Muslim refugees returning home after finding Germany intolerable

Published: March 2, 2016
SHARES
Email
Refugees have given up on his dreams of a better life in Europe. PHOTO: REUTERS

Refugees have given up on his dreams of a better life in Europe. PHOTO: REUTERS

Overcrowded refugee centers, exasperating bureaucracy, unfamiliar German food, lack of jobs and a rising sense of antipathy from Germans who fear their country is being overrun by Muslims are forcing some refugees to return home.

After seven months of frustration, Gazwan Abdulhasen Abdulla has given up on his dreams of a better life in Europe. He has scraped together his last $325 for the flight to Iraq and he is not alone.

Homesick and eager to be back with his wife and four small children in Basra, Abdulla gave up his refugee status as he boarded a crowded Iraqi Airways flight from Berlin’s Tegel Airport to Baghdad that would whisk him and 150 other disheartened refugees back home.

Greece says up to 70,000 migrants may be ‘trapped’ next month

After more than 1.1 million refugees from troubled lands such as Syria, Iraq and Afghanistan have trudged into Germany over the last 13 months, a small but mounting number are also heading home.

While refugees say they are happy to trade a cold, heartless and lonely life in one of Europe’s richest countries for the violence, insecurity and poverty back home, they have realised, rather belatedly, smugglers had sold them a pack of lies about big houses and well-paying jobs that they would find in Germany.

Germany tries three migrants for thefts in New Year chaos

“I wanted to live in peace with my family as far away from war as possible,” said Abdulla, a 37-year-old who worked as a truck driver in Iraq. “But what I’ve seen in Europe is not what I dreamed of. It’s not what [the smugglers] told me it would be.

“The food was terrible, so disgusting that not even animals should be fed on it. They made us sleep in these cold, empty buildings and when someone said they were sick, they just ignored us. You could feel it everywhere that Germans looked down at us like we were bums. I miss my family and can’t wait to get home.”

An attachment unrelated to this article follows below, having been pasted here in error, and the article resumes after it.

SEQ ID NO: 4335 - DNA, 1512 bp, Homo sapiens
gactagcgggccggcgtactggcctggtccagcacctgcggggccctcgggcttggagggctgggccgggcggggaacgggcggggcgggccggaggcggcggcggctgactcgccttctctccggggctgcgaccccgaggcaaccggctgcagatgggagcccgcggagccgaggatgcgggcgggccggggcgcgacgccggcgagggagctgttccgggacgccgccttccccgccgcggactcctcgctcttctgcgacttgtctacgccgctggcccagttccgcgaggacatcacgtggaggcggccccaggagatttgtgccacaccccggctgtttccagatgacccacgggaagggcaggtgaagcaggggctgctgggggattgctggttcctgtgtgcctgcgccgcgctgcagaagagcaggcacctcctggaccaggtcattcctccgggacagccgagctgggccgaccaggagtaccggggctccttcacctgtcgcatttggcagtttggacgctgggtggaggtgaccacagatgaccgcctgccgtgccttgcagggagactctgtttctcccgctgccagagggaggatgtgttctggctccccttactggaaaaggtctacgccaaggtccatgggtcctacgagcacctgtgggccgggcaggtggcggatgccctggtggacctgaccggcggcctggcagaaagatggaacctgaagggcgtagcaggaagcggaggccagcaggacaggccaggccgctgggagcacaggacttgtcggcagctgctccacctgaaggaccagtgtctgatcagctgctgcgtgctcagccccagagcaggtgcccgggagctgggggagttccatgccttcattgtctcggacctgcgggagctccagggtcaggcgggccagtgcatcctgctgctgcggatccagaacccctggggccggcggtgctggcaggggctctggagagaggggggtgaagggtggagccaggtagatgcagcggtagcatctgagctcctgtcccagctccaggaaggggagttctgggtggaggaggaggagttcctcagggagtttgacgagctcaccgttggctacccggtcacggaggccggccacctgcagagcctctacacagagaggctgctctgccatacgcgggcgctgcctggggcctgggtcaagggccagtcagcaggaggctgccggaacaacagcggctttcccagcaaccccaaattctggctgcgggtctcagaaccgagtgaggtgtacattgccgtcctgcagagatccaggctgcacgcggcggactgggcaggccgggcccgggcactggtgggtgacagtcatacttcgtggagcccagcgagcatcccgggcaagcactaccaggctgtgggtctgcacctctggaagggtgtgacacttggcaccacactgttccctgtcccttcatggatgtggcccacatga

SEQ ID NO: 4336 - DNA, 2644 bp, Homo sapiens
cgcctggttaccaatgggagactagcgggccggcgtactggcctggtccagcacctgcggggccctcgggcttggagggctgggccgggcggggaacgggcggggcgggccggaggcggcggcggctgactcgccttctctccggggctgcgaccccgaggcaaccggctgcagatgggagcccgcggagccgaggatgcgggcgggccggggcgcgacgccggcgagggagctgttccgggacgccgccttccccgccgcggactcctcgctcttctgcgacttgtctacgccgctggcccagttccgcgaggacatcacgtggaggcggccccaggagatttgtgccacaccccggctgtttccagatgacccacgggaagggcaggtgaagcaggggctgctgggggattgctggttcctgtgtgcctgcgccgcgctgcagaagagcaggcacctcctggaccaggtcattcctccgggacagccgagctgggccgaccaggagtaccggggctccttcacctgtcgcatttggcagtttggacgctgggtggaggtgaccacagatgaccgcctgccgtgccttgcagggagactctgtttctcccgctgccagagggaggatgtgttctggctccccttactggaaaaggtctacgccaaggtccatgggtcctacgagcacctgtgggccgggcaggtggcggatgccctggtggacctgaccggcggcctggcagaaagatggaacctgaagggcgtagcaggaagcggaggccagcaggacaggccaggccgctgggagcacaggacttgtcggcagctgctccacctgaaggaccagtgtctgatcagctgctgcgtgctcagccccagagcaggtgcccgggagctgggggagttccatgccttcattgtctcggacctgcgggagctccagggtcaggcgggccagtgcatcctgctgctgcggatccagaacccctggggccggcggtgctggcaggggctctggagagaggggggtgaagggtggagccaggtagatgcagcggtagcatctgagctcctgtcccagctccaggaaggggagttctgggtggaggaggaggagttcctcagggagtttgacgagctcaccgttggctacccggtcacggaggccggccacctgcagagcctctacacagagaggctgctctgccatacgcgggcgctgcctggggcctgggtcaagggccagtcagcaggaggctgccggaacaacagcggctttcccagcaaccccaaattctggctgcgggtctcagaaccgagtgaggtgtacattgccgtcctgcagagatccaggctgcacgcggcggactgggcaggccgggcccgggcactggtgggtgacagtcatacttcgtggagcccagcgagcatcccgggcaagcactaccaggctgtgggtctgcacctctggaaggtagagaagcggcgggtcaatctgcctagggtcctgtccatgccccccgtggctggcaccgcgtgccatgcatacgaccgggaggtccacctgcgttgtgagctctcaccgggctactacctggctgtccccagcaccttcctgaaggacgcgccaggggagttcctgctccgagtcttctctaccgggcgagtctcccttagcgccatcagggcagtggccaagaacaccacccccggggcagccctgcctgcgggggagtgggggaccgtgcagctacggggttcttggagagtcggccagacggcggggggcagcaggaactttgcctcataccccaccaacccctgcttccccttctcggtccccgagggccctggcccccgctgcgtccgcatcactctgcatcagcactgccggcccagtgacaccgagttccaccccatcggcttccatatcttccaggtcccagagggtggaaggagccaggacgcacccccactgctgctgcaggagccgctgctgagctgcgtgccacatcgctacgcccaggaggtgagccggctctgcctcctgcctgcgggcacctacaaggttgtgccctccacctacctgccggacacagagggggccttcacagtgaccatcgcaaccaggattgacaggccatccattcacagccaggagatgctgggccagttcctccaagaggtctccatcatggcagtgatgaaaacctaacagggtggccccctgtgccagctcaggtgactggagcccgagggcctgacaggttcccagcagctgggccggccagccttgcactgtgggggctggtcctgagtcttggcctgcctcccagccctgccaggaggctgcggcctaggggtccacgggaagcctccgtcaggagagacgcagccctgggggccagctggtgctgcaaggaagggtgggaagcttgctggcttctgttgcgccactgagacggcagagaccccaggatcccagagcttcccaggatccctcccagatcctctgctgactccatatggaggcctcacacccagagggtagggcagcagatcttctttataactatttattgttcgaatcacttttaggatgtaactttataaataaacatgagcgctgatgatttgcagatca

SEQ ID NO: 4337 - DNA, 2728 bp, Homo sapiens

In the last three months, the Iraqi Embassy in Berlin has issued more than 1,500 one-way travel documents for Iraqi refugees giving up on Germany.

“There are a lot of Iraqis going home, but more and more Syrians are also coming in here to buy airplane tickets to fly back home,” said Alaa Hadrous, 24, who came to Germany from Iraq as a child, and now operates the Golf Reisen travel office in Berlin.

“They see the Arabic writing on my storefront window and come in saying they want to go home,” he said. “There are a lot of really sad stories.”

Berlin director says almost could not film refugees dying at sea

Hadrous says he has noticed an increase late last year in the number of refugees coming to him for one-way tickets home.

After just buying a one-way ticket to Lebanon, a Syrian man, Abed who lived in Germany for four weeks said, “I miss my family a lot. I would rather take a chance and risk dying with them in Syria than being in Germany without them.”

The government’s office for migration and refugees reported 37,220 refugees obtained government financial aid to return to their home countries in 2015, including those who had little chance of receiving asylum.

This article originally appeared on latimes

Reader Comments (4)

  • curious2
    Mar 2, 2016 - 9:29PM

    Overcrowded refugee centers, exasperating bureaucracy, unfamiliar German food, lack of jobs and a rising sense of antipathy from Germans
    .
    You open the door to millions of people looking to better their lives and this is the logical consequence. Whatever Goodwill Merkel generated by opening the door is going to be lost when she is forced to slam the door shut. She has lost credibility within Germany and the EU.Recommend

  • Parisian
    Mar 2, 2016 - 10:47PM

    What kind of “refugee” leaves his wife and kid behind in the war zone?
    Clearly, he is an “economic migrant” which is a euphemism for illegal immigrant.Recommend

  • Fawad
    Mar 3, 2016 - 12:39AM

    They should realize that they are refugees, not immigrants on work visa. They have to face hardships and struggle. They are not guest who will be treated nicely to stay in warm hotels and nice meals. But they have to make their own life from scratch, like people migrating from India to Pakistan did decades back and made their life.Recommend

  • Bunny Rabbit
    Mar 3, 2016 - 6:04PM

    Yes better go back ‘home’ and make a life for themselves rather than staying in a host country and fight the entire life to fit in .Recommend

Leave Your Reply Below

Your comments may appear in The Express Tribune paper. For this reason we encourage you to provide your city. The Express Tribune does not bear any responsibility for user comments.

Comments are moderated and generally will be posted if they are on-topic and not abusive. For more information, please see our Comments FAQ.

More in World